Stereophile

November 2021

Every month Stereophile magazine offers authoritative reviews, informed recommendations, helpful advice, and controversial opinions, all stemming from the revolutionary idea that audio components should be judged on how they reproduce music.

Pays:
United States
Langue:
English
Éditeur:
AVTech Media Americas, Inc.
Fréquence:
Monthly
10,63 $ CA(TVA Incluse)
13,29 $ CA(TVA Incluse)
12 Numéros

dans ce numéro

5 min
glory days

I’ve got a music problem. Specifically, I’ve got a rock music problem. It’s a true cliché—that is, a cliché that happens to be true: Rock music, in almost all its forms, is young people’s music. It’s about new, fresh experiences—new love, new sex, consciousness sought or attained, rebellion, drugs—and when you’ve reached a certain age, those experiences don’t feel so fresh anymore. That’s a fact about which it’s hard not to feel some regret. You don’t have to share their sentiment to realize that there’s a reason Pete wrote, and Roger sang, “Hope I die before I get old.” Despite Pete and Roger’s proclamation, only the drummer died young. But many other musicians have also done it: Buddy Holly. Ritchie Valens. Jim Morrison. Janis Joplin. Bob Marley. Otis Redding. Lowell George.…

5 min
letters

Tweaking the POÄNG After several recent mentions in your magazine of the IKEA POÄNG chair, the secret is out. My local audiophile consortium would like to share our recommendations. The chair’s minimalist architecture certainly gets out of the way of the music, and its size allows an unusually generous two or three people to share a sweet spot. Slightly rockable natural wood complements the “pace, rhythm, and timing” (PRaT) of either the recording or the listener (especially for solo headphone listening). Wide, flat armrests easily accommodate the four or five remotes required to control components in even a modest system, plus a cell phone. There was concern that the chair’s Scandinavian design would make it compatible only with European speakers, but our testing finds good response with a wide variety of speakers,…

2 min
calendar of industry events

ATTENTION ALL AUDIO SOCIETIES: We have a page on the Stereophile website devoted to you: stereophile.com/audiophile-societies. If you’d like to have your audio-society information posted on the site, email Chris Vogel at vgl@cfl.rr.com. (Please note the new email address.) Please note that it is inappropriate for a retailer to promote a new product line in “Calendar” unless it is associated with a seminar or similar event. Note: Due to the ongoing pandemic, Stereophile recommends confirming that events are still taking place. CALIFORNIA Saturday and Sunday, October 16–17: The Burning Amp Festival is back … but now it will be held online via Zoom. The scheduled presentations will go forward as planned, according to a recent press release. It’s an event for audio hobbyists and DIYers to connect, learn, and share their projects. For details…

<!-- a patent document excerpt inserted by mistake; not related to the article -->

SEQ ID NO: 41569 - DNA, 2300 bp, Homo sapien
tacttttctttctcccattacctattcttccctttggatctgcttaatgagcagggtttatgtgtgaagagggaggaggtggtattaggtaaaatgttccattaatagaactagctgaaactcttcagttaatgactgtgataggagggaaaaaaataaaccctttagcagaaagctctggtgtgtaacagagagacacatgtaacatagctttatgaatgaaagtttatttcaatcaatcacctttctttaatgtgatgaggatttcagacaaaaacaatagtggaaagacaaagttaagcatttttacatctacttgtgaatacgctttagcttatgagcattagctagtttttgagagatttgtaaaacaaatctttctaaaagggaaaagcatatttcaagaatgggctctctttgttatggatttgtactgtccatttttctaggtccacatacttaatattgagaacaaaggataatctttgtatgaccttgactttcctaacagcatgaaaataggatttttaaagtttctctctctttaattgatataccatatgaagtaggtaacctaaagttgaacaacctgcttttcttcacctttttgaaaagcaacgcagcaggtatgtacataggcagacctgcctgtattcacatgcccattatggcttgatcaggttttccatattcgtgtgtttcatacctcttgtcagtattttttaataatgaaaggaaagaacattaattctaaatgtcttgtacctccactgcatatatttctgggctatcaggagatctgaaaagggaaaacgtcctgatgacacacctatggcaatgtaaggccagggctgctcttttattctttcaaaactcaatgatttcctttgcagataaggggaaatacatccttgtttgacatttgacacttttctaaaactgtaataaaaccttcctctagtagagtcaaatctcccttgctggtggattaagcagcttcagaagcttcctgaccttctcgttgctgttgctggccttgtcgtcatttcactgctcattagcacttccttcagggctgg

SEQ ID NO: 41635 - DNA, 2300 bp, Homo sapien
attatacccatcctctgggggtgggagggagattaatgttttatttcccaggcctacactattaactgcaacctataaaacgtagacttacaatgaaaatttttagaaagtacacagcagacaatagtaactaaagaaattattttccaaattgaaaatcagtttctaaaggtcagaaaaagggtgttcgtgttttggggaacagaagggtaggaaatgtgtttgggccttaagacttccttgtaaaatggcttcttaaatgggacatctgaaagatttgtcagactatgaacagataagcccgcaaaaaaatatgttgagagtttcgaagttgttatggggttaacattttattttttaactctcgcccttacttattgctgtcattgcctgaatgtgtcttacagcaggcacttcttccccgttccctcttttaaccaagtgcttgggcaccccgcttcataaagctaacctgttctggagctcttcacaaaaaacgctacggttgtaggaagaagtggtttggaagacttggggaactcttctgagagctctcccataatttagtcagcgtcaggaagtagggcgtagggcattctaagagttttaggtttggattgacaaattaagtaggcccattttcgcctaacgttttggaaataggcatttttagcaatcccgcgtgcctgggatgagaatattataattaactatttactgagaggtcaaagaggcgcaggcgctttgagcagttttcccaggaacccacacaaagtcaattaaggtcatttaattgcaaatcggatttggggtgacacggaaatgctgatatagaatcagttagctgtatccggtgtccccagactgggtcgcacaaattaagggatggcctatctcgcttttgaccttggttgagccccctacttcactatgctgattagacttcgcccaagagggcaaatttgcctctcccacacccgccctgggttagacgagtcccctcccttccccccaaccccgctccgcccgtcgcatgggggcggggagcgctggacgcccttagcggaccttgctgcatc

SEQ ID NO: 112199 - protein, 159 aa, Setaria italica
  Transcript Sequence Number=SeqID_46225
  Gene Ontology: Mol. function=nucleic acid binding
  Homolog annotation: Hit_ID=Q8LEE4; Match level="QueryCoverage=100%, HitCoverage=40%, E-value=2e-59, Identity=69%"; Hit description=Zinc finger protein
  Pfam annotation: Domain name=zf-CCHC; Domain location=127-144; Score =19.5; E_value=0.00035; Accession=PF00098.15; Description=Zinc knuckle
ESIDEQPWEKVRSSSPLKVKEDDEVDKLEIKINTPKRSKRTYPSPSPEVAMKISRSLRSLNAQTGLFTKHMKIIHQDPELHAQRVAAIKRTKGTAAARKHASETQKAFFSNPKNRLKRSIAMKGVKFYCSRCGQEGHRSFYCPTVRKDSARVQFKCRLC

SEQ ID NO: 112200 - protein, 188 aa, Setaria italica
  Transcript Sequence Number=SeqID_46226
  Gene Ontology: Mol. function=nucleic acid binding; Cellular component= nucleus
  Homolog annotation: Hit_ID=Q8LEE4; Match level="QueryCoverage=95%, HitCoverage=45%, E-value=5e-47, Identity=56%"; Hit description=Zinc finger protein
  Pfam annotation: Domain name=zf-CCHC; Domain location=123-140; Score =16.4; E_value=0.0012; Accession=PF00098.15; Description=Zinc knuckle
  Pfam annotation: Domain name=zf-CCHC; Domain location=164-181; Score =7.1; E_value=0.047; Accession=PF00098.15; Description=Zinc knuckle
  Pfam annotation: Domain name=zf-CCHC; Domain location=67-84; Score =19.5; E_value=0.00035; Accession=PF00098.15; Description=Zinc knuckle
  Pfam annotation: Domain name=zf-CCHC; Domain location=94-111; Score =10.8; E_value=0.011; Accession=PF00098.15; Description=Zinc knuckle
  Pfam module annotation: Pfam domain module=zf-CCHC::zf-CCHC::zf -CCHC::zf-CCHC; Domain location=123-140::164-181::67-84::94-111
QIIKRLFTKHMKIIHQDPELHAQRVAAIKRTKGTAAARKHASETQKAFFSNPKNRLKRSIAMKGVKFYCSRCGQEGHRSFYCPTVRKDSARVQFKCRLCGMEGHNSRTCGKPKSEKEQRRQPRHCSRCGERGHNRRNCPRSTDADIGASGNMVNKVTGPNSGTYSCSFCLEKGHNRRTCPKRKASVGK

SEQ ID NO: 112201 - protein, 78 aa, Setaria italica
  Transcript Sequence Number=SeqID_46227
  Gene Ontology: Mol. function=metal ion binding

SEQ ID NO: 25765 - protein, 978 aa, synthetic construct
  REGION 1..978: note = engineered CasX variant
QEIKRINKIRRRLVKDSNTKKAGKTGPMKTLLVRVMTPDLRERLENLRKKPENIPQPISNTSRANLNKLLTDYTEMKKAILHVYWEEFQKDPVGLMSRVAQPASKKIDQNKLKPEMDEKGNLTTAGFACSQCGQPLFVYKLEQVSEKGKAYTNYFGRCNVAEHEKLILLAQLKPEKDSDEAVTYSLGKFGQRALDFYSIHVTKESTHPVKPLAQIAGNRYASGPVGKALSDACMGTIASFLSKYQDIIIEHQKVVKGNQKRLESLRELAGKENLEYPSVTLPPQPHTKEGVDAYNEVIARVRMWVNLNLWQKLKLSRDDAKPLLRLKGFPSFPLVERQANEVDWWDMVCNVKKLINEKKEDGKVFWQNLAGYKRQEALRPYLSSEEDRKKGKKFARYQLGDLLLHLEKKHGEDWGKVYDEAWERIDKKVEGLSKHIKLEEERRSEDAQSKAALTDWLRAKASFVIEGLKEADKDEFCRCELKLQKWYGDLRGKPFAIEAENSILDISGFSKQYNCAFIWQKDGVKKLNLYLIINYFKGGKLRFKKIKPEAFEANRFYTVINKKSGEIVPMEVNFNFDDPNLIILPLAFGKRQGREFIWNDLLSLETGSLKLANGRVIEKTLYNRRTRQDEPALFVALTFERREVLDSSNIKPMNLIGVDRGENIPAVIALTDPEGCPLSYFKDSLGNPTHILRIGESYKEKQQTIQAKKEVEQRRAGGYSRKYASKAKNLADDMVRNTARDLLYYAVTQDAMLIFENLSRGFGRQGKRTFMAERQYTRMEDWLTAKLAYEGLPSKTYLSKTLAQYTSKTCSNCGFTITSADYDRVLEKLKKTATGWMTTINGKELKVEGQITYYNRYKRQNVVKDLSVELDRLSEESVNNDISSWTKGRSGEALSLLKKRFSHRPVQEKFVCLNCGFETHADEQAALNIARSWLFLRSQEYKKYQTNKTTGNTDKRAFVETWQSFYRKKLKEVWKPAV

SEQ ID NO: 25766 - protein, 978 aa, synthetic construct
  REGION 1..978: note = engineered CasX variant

11 min
industry update

US AND CANADA (AND WORLDWIDE) Julie Mullins The novel coronavirus variants aren’t through with us yet. Most audio shows—and many concerts, festivals, and other in-person events—have been canceled again this year. Recent casualties include AXPONA and the Rocky Mountain Audio Fest (RMAF)—the latter, perhaps, forever. AXPONA canceled its 2021 show, which had already been rescheduled from the spring to October, announcing that the next show will take place April 22–24, 2022. “Exhibitors and attendees travel to AXPONA from throughout the United States and from more than 40 other countries,” the AXPONA announcement read. “Over the last few weeks, citing concerns over personal health, the unpredictability of international travel restrictions and reinstated companywide travel bans, many community members have told us they are unwilling or unable to commit to AXPONA in October.” “Things were just…

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14 min
the electrical cure

Rex Hungerford, Edward DeVito, and Craig Bradley rode into town last week and, together with Audioquest’s Garth Powell, solved all the electrical problems that have plagued my audio system for years. Garth Powell, a name familiar to many Stereophile readers, is Audio-Quest’s electricity guru and designer of the Niagara series of power conditioners; he is also responsible for the company’s line of AC and signal cables. Bradley is a local electrician and audio enthusiast who has done electrical work for me in the past, including replacing dedicated lines—one for the low-power signal components and another for the amplifiers—with a single line, hoping that might solve years of annoying ground hum and other noise issues. You’d think the ground potential would be almost nothing between two sets of adjacent AC jacks…

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17 min
iron and light

In the household I grew up in, telling a lie was a death-penalty offense—worse than murder or leaving crumbs on the kitchen counter. So, believe me when I tell you that way more than a year ago, Musical Surroundings’ Garth Leerer sent me DS Audio’s lowest priced optical cartridge, the DS-E1 ($2750 with energizer/equalizer). He said, “You need to know about this.” Then every few months he would write and politely inquire how I was liking it. Each time I would write back saying, “I’m sorry Garth, I haven’t tried it yet, but I’ll install it right after deadline.” That was a score of deadlines ago. When I saw Michael Fremer’s full DS-E1 review in Analog Corner #306, I was crestfallen: He beat me to it (again).1 Undeterred, I went ahead…

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